Gaming reforms need to protect the vulnerable

A relaxation of gaming regulations inBritain must ensure that those at most risk of harm from gamblingare protected, says a senior officer for the Methodist Church.

This verdict follows the publicationtoday of an independent review by the Department for Culture, Mediaand Sport (DCMS), which paves the way for the most significantreform of gaming rules for three decades.

The Methodist Church accepts that newregulation for the gaming industry is overdue but reforms must notbe allowed to become a 'free-for-all'. The Church's Secretary forParliamentary and Political Affairs, Ms Rachel Lampard, stressedtoday that "for some people, gambling harms. General deregulationmust be accompanied by greater protection for vulnerablegroups".

Ms Lampard stressed the followingpoints:

  • A welcome to the commitment not toallow young people to be exposed to the dangers of gambling.

  • Concern about the relaxation of someregulations for casinos - in particular over the 24-hour rule andthe selling of alcohol on casino floors.

  • A suggestion that a percentage ofprofits made by casinos and other gaming companies should be setaside to fund charities helping those suffering from gamblingaddictions.

Ms Lampard said: "Research suggeststhat the earlier children start gambling, the more likely they areto develop serious problems as young adults. In any forthcomingconsultation, it will be vital to make the case for much greaterprotection for children and young people.

"The report makes proposals to removelimits on prizes in jackpot machines in casinos and clubs. Inreturn the Government might take the opportunity to send a strongsignal that it recognises the dangerous lure of bigger jackpots toyoung people by removing slot machines from public places wherechildren can play them."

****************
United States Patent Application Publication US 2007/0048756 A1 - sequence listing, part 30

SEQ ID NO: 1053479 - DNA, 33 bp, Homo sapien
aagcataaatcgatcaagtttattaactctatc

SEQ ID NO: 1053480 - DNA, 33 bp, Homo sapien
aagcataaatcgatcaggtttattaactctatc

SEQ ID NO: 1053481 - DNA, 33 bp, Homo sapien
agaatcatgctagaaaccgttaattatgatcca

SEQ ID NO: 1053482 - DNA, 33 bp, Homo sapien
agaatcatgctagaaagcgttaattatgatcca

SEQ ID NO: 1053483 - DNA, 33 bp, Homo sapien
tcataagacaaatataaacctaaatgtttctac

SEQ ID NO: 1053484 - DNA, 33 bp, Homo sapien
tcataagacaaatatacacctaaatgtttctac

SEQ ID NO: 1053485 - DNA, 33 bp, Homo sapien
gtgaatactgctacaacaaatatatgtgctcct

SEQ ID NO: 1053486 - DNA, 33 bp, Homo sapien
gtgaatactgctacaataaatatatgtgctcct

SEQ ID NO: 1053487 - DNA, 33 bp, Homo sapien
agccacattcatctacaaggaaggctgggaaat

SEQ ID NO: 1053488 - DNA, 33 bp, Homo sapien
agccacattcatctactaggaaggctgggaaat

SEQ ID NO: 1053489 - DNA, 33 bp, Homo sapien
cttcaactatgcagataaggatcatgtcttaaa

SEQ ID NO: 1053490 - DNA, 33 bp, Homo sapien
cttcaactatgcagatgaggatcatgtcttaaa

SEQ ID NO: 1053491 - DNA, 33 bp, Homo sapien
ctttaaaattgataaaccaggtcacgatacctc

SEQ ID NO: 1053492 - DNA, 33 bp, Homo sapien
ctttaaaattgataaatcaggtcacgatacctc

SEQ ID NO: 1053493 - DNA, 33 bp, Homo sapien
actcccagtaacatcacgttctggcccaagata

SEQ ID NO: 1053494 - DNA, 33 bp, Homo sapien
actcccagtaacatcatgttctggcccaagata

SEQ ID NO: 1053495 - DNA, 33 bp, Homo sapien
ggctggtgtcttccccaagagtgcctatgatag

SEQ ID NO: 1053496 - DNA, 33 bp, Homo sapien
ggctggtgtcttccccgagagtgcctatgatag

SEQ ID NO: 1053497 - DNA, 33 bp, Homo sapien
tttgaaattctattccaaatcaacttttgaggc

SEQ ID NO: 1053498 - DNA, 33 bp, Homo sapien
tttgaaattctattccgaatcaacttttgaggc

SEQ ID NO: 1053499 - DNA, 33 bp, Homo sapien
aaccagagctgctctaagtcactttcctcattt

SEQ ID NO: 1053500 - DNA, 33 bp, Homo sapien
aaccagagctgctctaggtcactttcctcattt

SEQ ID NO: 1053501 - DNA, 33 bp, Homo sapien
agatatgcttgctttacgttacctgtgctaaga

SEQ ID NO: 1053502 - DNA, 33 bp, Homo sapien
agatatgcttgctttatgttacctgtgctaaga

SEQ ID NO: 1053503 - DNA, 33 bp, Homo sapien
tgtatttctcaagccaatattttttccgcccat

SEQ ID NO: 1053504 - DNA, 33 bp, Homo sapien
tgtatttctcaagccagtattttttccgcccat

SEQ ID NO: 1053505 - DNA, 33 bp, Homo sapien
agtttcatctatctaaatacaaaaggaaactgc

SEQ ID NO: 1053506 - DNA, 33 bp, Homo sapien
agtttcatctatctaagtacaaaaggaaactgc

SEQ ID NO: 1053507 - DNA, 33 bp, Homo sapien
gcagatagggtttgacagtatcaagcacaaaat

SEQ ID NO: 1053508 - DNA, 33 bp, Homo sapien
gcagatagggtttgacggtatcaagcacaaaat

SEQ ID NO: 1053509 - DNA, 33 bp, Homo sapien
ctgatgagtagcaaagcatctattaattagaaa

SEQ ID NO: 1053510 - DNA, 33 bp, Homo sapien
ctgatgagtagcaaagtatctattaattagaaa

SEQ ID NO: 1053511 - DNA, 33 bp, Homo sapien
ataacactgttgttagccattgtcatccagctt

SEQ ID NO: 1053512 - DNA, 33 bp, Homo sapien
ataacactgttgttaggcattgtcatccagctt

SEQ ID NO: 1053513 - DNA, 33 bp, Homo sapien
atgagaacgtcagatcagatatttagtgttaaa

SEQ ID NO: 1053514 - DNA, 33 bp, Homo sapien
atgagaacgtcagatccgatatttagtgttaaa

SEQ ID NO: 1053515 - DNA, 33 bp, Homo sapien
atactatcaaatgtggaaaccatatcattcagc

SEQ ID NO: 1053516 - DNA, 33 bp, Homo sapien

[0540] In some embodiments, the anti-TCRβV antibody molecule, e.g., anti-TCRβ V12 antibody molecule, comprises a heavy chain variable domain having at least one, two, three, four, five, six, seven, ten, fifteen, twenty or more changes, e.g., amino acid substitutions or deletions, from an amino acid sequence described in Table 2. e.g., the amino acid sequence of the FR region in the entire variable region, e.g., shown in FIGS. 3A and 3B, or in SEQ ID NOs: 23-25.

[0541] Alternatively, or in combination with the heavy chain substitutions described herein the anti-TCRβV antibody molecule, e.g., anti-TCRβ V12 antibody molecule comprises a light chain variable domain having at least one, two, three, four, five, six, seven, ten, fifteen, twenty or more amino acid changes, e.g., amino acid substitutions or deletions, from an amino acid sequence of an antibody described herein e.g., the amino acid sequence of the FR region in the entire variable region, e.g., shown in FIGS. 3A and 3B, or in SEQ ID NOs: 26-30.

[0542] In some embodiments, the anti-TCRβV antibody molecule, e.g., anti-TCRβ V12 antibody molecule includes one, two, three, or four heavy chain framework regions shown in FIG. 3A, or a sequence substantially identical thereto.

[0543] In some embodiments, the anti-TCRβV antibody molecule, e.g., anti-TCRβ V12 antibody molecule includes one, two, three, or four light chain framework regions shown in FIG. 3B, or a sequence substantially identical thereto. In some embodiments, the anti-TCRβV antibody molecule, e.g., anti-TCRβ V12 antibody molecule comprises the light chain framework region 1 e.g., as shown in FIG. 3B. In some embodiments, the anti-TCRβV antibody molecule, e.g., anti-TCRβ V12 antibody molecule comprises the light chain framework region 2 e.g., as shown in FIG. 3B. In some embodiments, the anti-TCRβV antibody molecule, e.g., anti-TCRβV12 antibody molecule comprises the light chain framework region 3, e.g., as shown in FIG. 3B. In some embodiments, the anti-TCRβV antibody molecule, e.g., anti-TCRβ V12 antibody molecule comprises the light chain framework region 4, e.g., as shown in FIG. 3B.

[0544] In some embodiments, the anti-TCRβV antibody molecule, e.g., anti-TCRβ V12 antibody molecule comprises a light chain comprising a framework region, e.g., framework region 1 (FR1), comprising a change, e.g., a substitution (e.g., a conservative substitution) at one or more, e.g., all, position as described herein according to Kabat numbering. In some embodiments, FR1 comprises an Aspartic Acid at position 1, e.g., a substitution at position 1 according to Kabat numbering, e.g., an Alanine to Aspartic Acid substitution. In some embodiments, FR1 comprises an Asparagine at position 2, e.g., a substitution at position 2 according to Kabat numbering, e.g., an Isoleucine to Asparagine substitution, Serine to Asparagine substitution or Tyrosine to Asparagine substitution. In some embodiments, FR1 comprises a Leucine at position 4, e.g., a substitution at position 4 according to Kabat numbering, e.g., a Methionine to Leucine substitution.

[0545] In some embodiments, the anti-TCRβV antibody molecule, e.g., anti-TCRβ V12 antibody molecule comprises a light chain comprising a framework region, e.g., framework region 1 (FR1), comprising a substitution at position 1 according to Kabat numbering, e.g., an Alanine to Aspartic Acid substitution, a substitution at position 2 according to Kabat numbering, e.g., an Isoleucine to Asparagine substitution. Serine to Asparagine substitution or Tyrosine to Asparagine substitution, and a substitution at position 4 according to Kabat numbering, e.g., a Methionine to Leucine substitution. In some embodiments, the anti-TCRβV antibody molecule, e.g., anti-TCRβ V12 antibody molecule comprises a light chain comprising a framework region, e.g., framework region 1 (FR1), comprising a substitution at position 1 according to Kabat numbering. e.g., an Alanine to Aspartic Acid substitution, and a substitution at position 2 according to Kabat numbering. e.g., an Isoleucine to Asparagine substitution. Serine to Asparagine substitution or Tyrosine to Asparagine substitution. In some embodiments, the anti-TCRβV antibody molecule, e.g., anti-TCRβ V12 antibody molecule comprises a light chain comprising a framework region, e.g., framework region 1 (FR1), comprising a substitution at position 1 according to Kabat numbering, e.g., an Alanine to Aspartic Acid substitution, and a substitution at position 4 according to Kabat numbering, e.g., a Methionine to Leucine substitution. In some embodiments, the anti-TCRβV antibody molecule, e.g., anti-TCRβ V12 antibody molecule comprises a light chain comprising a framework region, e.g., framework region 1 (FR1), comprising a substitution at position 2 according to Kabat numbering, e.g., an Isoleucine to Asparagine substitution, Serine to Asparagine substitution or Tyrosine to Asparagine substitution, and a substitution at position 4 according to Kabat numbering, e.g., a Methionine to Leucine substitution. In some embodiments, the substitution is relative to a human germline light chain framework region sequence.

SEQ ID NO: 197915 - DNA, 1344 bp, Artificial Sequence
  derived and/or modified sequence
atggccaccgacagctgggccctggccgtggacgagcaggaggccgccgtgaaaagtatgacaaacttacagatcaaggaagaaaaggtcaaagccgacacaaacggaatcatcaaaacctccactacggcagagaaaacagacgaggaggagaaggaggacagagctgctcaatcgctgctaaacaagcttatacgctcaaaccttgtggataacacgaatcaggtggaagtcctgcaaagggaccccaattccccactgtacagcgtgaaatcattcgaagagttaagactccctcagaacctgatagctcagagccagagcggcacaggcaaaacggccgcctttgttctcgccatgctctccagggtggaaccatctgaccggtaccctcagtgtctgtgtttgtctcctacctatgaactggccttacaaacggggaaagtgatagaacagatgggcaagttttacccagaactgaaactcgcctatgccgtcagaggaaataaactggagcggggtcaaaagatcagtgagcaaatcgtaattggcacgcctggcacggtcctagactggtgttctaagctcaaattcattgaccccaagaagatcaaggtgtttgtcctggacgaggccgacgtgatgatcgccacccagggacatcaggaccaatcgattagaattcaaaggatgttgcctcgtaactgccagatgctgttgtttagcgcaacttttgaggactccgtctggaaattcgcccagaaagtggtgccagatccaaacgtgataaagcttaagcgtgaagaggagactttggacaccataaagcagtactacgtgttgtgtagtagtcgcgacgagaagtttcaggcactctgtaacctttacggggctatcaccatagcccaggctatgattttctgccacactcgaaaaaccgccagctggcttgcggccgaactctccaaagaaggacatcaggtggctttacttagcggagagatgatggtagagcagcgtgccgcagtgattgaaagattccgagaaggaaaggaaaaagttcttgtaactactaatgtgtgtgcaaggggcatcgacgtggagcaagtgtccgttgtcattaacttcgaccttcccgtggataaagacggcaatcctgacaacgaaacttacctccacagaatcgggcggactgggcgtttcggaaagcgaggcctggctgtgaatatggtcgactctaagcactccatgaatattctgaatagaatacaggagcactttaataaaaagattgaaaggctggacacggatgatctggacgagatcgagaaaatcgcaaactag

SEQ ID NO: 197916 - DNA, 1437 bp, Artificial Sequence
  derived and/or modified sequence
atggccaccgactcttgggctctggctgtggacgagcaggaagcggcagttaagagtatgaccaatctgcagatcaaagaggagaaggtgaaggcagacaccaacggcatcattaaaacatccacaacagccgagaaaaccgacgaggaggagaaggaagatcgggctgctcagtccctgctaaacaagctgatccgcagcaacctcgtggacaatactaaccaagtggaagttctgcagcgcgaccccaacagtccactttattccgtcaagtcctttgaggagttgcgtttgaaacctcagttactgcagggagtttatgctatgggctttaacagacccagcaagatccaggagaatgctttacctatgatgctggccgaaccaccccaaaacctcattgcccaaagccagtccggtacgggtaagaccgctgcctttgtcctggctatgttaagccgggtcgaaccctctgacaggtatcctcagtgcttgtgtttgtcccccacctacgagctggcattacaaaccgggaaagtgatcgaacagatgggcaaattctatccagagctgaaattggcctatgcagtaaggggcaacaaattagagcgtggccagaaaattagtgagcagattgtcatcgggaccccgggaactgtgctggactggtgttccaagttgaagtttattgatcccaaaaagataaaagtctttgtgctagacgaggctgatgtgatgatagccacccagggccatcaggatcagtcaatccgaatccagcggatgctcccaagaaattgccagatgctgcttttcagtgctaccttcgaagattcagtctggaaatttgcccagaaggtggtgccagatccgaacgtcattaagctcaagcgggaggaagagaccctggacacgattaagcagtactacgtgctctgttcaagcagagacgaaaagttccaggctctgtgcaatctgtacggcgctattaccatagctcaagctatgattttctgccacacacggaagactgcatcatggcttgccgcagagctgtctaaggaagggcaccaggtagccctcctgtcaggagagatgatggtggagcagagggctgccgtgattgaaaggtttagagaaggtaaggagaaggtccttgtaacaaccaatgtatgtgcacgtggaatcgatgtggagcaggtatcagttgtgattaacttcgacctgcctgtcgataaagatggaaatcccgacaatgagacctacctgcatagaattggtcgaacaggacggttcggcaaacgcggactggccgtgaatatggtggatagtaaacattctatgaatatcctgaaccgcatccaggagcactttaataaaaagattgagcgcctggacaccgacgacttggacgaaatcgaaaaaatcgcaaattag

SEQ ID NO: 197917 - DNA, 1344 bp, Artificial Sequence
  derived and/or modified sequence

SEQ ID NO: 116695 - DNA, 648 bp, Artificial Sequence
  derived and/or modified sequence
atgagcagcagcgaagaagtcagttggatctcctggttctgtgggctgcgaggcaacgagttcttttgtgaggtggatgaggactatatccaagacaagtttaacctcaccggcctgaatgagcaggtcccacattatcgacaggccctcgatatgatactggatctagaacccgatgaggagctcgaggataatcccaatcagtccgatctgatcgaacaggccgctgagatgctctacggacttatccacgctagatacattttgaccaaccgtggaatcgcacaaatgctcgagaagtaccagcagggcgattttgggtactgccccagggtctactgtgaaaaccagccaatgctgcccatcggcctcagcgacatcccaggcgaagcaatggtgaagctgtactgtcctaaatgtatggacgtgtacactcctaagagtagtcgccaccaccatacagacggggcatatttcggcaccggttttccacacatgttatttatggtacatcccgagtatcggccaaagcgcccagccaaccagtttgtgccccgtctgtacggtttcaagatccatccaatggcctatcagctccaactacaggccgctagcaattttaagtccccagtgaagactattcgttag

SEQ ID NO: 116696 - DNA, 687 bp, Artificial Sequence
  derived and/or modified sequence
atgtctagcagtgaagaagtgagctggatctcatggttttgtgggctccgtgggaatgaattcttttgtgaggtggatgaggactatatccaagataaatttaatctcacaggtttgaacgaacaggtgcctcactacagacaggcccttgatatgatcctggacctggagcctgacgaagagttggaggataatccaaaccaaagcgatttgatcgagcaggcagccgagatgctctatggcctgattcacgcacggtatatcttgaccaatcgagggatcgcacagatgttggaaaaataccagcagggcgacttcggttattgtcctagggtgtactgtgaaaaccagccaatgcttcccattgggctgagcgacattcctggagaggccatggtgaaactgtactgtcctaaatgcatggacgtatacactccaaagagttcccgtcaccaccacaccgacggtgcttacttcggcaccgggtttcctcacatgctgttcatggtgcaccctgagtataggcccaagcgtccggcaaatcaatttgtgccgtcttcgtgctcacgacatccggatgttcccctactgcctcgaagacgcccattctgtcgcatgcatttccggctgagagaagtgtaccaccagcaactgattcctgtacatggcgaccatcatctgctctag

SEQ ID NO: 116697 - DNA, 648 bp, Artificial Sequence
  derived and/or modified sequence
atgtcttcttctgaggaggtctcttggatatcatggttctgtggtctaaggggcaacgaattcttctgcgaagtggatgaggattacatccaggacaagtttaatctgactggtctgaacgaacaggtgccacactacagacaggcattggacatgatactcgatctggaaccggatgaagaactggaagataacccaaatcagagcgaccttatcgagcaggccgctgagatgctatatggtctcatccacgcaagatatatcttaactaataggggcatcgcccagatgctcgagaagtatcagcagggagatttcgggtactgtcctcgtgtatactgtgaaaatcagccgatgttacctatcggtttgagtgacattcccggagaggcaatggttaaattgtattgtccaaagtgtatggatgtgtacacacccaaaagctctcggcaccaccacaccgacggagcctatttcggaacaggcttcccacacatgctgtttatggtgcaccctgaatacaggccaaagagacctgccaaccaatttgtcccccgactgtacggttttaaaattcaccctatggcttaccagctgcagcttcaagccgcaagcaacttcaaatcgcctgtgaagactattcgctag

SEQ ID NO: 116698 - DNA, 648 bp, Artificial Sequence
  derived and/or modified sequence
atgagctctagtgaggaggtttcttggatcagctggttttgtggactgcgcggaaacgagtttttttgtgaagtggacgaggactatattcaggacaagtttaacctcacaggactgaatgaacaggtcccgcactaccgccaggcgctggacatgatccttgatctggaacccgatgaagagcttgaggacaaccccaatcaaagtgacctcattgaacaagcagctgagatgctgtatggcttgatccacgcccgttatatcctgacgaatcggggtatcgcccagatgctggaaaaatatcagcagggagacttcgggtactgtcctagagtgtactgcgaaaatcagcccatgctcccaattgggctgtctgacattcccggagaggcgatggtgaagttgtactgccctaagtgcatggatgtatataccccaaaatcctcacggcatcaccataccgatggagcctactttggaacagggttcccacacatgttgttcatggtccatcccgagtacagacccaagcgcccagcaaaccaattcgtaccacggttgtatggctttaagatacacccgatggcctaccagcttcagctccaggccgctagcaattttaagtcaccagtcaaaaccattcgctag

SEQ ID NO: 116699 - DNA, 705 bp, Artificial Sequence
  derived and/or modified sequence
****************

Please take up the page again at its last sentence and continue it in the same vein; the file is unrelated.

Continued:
"Of greatest concern is so-called'hard' gambling - activities which are repetitive, allow people tochase their losses rapidly, believing they will win next time, andis often conducted in a social environment. This is particularlytrue where alcohol is available. For some people 'hard' gamblingcan become compulsive, and destroy families, jobs and lives. Suchhard gambling will always require tougher regulation to minimiseharm."

"We have reservations about some ofthe freedoms that casinos will gain. Relaxation of the 24-hour rulemight encourage impulse gambling. And allowing alcohol on the floorof casinos doesn't help you to make wise decisions on betting."

"Where reforms lead to a growth incasinos and other gaming premises, planning needs to be sensitiveto local people's feelings. We hope that the Government recognisesthis as it takes soundings on the proposals. Some groupsunderstandably fear that the deregulation of gaming will hit localbusinesses and harm their environment."

"It is right that more help should begiven to people adversely affected by gambling. The gaming industryand the Government could give more support to charities such as thetelephone helpline run by GamCare. We warmly welcome therecommendation that increased funding be made available by the NHSfor the treatment of problem gambling."

"If the gaming industry is to be givengreater freedoms, then it must also accept greaterresponsibilities, both to its customers and to society atlarge."

The independent review by former chiefeconomic adviser to the Treasury, Sir Alan Budd, which led to thepublication of today's DCMS report, sought the views of churchesand charities towards reforms. A submission was made in July 2000by Churches Together in Britain and Ireland on behalf of all themajor UK Christian Churches including the Methodist Church.

This submission said that regulator"should seek to combine the greatest degree of personal freedomwith the least risk of harm". It also called for restrictions onadvertising casinos and other gaming opportunities to be kept inplace.

The Methodist Church intends to studythe full 260-page independent review and hopes to make a detailedsubmission to the DCMS in due course.